We recently blogged about regulatory warning letters and a consumer class action stemming from consumer-facing advertising related to the coronavirus. Today, we write to provide updates on state and federal efforts to protect consumers and a Federal Trade Commission (FTC) press release sounding the alarm on B2B coronavirus scams.

State regulators are confronting many of the same issues the FTC identified in its joint warning letters with the Food and Drug Administration. Specifically, many products continue to be advertised as curing, treating or preventing COVID-19, the disease caused by the coronavirus, despite the fact that there is no known cure or vaccine as of yet. Additionally, states have been confronting price gouging on disinfectant products such as hand sanitizer, wipes and cleaning solutions. And with stimulus checks being a frequently discussed news topic while federal lawmakers negotiated the package, states have seen an uptick in scams targeting the elderly that solicit bank account information and Social Security numbers to facilitate receipt of stimulus checks.

State attorneys general are working closely with state lawmakers, congressional representatives and each other to confront these issues head-on and protect consumers. For example, Michigan Attorney General Dana Nessel enlisted state lawmakers to field price gouging complaints and recently filed a cease and desist letter against two businesses marketing a “Coronavirus Defender Patch.” A bipartisan group of 32 state attorneys general sent letters to executives at some of the biggest online retailers, urging them to help prevent price gouging. Arizona Attorney General Mark Brnovich has partnered with Sen. Kyrsten Sinema, D-Ariz., to increase awareness among seniors of the stimulus check scams. And New York Attorney General Letitia James sent letters to website domain name registrars requesting that they halt new registrations of – and de-list current – domain names associated with coronavirus and COVID-19, alleging many of these sites perpetuate scams.

The FTC, which has recently increased its focus on B2B advertising, issued a press release warning that not only are consumers vulnerable to coronavirus scams, but so too are other businesses. Specifically, the FTC identified seven types of scams that have targeted business employees, leaving both employees and employers at risk: public health scams, government check scams, business email scams, IT scams, supply scams, robocall scams and data scams. While many of these scams are nothing new, they take advantage of new circumstances – with many (if not most) employees working remotely, it no longer seems out of the ordinary to get an email from “the IT department” asking for certain password or account information.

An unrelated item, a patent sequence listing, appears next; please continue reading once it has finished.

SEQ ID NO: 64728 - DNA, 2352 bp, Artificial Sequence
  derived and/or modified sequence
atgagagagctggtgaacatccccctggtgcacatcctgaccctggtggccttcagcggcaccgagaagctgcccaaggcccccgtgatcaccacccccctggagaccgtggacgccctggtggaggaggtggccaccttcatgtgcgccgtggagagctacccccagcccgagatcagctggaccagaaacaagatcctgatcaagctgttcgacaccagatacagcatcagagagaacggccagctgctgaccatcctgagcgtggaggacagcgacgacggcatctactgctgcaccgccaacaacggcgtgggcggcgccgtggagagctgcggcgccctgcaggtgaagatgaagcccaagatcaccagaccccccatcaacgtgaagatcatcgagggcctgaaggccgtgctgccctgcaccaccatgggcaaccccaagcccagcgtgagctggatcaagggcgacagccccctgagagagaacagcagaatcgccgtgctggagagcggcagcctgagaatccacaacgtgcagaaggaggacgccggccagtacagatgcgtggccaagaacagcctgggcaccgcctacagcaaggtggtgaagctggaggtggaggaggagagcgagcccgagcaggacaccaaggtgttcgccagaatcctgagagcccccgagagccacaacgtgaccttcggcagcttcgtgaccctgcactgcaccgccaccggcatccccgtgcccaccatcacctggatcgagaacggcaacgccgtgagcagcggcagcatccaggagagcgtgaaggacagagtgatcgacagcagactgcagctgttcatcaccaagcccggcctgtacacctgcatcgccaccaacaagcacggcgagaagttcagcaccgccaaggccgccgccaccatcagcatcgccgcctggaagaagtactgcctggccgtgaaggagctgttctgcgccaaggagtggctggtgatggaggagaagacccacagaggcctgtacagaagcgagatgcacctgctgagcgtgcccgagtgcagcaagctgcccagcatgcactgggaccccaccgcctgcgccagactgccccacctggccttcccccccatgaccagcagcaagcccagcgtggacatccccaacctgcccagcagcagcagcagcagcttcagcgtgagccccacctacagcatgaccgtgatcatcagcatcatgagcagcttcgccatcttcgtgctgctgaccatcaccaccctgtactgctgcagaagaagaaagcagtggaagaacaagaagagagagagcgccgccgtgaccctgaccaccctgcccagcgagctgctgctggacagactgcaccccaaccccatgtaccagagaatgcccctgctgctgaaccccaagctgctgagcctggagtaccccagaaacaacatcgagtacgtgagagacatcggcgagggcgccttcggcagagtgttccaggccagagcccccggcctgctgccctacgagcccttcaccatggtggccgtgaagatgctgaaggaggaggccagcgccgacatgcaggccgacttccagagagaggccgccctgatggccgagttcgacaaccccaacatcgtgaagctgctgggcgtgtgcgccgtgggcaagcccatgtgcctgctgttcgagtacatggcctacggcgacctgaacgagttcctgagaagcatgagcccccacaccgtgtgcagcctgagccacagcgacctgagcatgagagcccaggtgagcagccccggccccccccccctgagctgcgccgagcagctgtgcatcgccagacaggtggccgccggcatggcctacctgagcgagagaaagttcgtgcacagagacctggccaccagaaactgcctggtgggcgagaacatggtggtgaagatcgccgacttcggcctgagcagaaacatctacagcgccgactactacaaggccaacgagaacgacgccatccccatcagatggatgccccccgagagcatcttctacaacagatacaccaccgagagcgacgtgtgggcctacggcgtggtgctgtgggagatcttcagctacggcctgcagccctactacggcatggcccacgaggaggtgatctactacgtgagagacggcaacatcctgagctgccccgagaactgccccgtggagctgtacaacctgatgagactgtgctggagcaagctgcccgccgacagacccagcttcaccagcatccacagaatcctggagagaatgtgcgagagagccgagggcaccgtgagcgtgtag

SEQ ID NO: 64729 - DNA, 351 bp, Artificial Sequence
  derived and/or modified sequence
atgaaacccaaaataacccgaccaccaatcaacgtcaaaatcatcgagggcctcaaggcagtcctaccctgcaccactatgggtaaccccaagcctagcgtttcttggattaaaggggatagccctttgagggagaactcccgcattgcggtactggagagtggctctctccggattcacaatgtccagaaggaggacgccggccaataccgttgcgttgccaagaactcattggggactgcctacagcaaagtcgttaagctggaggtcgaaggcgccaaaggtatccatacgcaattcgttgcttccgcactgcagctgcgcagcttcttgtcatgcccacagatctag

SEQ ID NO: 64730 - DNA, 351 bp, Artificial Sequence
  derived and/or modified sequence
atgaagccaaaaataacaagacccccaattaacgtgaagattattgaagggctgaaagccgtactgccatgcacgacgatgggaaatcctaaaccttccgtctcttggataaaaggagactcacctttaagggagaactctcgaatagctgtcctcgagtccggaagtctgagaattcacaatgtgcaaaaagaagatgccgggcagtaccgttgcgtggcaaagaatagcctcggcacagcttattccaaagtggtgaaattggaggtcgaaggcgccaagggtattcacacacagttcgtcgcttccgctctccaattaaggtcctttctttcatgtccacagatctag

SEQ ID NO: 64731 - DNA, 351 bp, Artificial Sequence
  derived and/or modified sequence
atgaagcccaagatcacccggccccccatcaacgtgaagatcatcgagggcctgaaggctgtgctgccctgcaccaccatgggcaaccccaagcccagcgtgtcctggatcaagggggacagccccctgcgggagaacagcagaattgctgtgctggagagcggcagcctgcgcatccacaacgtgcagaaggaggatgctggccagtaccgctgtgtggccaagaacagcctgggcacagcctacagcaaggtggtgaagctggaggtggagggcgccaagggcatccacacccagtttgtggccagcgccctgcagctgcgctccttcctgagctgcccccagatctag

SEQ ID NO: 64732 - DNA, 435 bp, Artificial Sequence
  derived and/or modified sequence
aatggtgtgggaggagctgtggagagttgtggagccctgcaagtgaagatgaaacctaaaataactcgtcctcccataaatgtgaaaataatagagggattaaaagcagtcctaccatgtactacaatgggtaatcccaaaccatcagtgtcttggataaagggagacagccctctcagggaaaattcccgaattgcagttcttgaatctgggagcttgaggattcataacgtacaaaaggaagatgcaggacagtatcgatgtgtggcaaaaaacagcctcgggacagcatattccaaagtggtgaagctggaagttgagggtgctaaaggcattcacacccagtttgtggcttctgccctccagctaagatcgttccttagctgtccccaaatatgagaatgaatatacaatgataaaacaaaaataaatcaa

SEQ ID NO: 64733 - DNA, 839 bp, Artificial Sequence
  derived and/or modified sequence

Lastly, FTC Chairman Joe Simons released a statement outlining current enforcement efforts. Per the chairman’s statement, the FTC is working with both federal and state law enforcement, as well as business and community stakeholders, to protect consumers from unfair and deceptive commercial practices and to educate the public about such practices. In short, the FTC “will not tolerate businesses seeking to take advantage of consumers’ concerns and fears regarding coronavirus disease, exigent circumstances, or financial distress.” The chairman added that “the FTC will remain flexible and reasonable in enforcing compliance requirements that may hinder the provision of important goods and services to consumers.” While this does not give businesses carte blanche in how they advertise or market important goods and services, Chairman Simons noted that “good faith efforts undertaken to provide needed goods and services to consumers will be taken into account in making enforcement decisions.”

Takeaways: The circumstances surrounding COVID-19, including widespread misinformation and the transition of entire companies to remote work operations, have resulted in a time of heightened regulatory scrutiny at both the state and federal levels. As such, companies would do well to (re)examine their claims and substantiation, as well as their pricing, to evaluate whether any changes should be implemented. While it is often difficult to control the price at which some third-party sellers offer products, to the extent the company has control, it should exercise it to avoid price gouging. Lastly, now would be a great time to (re)educate employees on information security policies to protect not only their personal information, but also that of the company.